April 21, 2024

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The “black box” of Chinese data baffles economists

The “black box” of Chinese data baffles economists

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For investors and policymakers around the world, China’s quarterly economic data is a stepping stone in deciphering the state of the world’s second-largest economy, but the latest numbers hold a puzzle of their own.

The country’s gross domestic product grew by 0.8 percent on a quarterly basis and 6.3 percent on an annual basis in the second quarter. However, the compounded quarter-on-quarter growth over the previous four quarters means growth of 6.8%.

The mismatch arose because of official “seasonal adjustment” revisions by the country’s National Bureau of Statistics to quarterly growth data in 2022. While such revisions are done routinely, economists say their impact has become greater in recent years.

The lack of any detailed explanation of the process illustrates the difficulty of analyzing China’s statistics at a time when the trajectory of its economy is seen as crucial to global growth.

“This is where we are now. How much did the economy grow in the second quarter, or [has it] no? “This is a very important question for markets and policymakers alike,” said Louis Kuijs, chief Asia economist at S&P Global. “Everyone is asking, is the Chinese economy stalling?” It’s not easy to give a waterproof answer to that.”

China has “definitely become more than a black box, and it is constantly moving down this path,” said Shehzad Qazi, COO of China Beige Book, which publishes alternative economic indicators based on surveys of private companies in the country. Surveys consistently report weaker consumption than official figures show.

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Long-simmering questions about how to interpret China’s economic indicators have a new sense of urgency in 2023, when official data indicated a loss of momentum after the lifting of Covid-19 restrictions. Policymakers are grappling with trade headwinds, weak consumption and a home cash crunch that has dragged on for nearly two years.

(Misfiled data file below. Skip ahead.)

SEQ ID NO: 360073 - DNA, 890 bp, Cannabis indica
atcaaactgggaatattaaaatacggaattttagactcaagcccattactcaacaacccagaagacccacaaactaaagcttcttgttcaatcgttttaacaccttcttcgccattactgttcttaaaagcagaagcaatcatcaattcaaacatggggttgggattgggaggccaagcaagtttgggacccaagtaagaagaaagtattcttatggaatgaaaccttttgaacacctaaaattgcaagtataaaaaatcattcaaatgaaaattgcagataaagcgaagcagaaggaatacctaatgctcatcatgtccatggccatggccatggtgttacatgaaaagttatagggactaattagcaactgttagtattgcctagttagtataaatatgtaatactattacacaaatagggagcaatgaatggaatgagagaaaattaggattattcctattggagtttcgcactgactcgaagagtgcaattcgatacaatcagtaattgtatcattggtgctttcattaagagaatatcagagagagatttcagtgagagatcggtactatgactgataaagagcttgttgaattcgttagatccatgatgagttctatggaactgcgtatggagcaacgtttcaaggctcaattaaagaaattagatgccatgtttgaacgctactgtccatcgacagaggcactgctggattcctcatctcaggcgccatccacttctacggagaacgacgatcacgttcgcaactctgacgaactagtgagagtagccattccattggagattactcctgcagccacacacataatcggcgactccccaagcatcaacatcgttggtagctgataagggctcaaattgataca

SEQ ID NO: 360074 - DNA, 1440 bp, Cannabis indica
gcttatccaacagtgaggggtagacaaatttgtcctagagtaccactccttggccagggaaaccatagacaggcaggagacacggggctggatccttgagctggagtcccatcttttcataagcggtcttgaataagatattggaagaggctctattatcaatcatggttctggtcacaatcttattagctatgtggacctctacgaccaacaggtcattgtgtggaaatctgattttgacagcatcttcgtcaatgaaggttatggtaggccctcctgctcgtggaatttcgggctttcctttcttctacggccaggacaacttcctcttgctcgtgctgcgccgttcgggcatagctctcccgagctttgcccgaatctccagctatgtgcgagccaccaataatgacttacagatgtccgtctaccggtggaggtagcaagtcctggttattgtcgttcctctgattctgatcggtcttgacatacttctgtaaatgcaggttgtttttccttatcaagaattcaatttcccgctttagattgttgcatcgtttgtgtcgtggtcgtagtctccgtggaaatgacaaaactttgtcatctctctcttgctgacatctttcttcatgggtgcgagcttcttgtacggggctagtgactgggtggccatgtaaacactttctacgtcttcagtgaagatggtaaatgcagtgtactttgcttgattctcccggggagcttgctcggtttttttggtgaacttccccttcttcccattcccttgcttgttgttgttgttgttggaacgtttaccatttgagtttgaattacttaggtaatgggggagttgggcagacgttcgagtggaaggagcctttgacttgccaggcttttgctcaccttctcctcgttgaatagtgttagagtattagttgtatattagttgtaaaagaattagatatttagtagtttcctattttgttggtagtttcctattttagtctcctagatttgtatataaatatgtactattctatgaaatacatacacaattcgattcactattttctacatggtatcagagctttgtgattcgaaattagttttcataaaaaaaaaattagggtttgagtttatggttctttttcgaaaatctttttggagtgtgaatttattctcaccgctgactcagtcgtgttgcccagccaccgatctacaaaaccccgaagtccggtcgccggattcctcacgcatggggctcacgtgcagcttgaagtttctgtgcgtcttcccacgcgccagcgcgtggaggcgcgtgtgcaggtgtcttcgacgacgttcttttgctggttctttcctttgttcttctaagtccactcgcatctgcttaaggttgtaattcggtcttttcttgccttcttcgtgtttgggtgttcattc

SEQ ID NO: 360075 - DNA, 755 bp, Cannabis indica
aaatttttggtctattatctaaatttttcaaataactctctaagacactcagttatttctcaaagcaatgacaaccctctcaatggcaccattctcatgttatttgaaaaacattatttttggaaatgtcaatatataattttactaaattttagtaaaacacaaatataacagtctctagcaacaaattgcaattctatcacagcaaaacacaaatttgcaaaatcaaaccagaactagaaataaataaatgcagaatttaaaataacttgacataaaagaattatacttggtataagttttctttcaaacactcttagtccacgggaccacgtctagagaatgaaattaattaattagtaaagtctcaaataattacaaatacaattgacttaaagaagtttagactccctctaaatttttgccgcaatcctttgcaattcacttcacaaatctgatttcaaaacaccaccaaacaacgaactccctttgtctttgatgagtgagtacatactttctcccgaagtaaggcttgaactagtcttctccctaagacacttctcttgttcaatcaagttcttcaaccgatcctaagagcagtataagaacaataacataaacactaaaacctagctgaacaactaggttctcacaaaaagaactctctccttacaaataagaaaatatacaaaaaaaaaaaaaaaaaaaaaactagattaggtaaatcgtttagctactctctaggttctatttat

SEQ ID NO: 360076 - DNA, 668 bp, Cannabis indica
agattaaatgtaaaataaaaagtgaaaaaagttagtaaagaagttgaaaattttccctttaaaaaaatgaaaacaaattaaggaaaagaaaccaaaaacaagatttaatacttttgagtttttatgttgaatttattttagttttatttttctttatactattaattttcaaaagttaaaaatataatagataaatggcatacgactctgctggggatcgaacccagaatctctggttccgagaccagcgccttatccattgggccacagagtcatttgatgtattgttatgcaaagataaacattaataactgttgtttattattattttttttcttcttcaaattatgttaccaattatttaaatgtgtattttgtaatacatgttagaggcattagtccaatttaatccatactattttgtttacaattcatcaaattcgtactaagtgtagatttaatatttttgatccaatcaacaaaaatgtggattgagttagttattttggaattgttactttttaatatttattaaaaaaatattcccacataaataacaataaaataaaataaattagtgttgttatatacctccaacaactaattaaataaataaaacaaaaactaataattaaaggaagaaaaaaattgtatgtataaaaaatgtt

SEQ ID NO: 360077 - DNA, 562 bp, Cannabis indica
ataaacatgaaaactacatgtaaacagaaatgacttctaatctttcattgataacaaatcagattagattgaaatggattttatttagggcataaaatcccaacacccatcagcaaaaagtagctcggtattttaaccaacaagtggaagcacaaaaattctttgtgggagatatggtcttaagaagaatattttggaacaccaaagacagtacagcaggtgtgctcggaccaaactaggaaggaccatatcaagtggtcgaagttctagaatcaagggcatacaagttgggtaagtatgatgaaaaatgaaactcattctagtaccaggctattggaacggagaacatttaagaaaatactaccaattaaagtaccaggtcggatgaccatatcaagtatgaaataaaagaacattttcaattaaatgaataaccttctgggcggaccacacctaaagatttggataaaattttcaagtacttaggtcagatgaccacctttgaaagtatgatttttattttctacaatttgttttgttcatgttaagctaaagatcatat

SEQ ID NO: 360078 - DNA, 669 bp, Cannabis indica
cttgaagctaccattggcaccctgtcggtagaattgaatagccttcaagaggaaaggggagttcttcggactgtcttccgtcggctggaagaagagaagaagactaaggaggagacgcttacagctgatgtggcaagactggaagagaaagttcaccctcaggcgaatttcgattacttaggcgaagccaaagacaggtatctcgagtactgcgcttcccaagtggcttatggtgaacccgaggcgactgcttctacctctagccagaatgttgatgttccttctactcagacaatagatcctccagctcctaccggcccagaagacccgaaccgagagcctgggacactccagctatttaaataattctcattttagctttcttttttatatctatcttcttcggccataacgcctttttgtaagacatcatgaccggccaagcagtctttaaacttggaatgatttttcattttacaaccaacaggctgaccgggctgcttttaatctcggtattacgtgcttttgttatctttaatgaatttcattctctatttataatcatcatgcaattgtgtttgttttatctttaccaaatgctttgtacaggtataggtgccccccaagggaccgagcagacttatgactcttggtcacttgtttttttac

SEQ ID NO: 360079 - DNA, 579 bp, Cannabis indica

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As in many other countries, China’s official data is usually seen as a “reference” that can be supplemented with other indicators, ranging from steel production to energy consumption. But while some new data series have been added, a wide range of other sources have been discontinued, often for no apparent reason. Supplementary and detailed information is also more difficult to access.

“The disappearance chain has been part of the challenge of analyzing China in general, but access to reliable data has certainly become more difficult in the past few years,” said Diana Chuileva, chief economist at forecasting firm Enodo Economics in London.

Questions surrounding the reliability of domestic data have arisen under the country’s coronavirus policy. In the absence of clear information from local authorities, traffic data has been used as an indicator of the severity of citywide lockdowns. The government stopped publishing death data after the nationwide outbreak began. This month, Zhejiang Province released figures showing a sharp rise in cremations, then deleted them.

Carlos Casanova, chief Asia economist at UBP, said he has not been able to access detailed data on local government land sales on Wind, a data platform, since its use outside the country was restricted this year. “If I were to guess, I would say it’s because pockets of tension are emerging . . . and they don’t want the market to go too far.”

Cremation data in Zhejiang Province indicate a heavy epidemiological toll

With the government tightening controls on information, including a new data law that in many cases requires multinational companies to separate their domestic and overseas data, fewer people are giving away data of any kind.

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“When the Beijing China Book first started, we had a large number of competitors,” said Qazi, who testified before a US congressional committee on China this month regarding the country’s economic data. “A lot of that is gone now.”

Another economist working for an international investor, who asked not to be identified, said there is currently a “less candid dialogue” within China, and there are “some data constraints that are being tightened”. However, he doubted that the government would hide the growth shock. “They are sensitive to accusations that the data is not entirely reliable,” he said. “[The government] You’ll just have to print the numbers.”

The sentiment of slowing economic momentum in China was based largely on the official data itself. The government has set a cautious growth target of 5 percent, which Premier Li Qiang said in a speech last month the country is on track to achieve.

However, as the Chinese economy progressed to occupy a more important position in the global context, there has been no corresponding development in its communications, analysts said.

In its statement this week, the NSO said in a footnote that the revisions from the “seasonal adjustment model” pertain to monthly revisions to industrial establishments, fixed asset investment and retail sales. He declined to comment further in response to a question about how the seasonal model would work, instead referring to the release.

“National accounts data in China is still not produced in the way we are known in advanced economies,” Kuijs said. In terms of accountability and transparency standards, you can go to [other countries] And ask them questions, and they’re supposed to explain why we’re changing this.”

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Additional reporting by Andy Lin in Hong Kong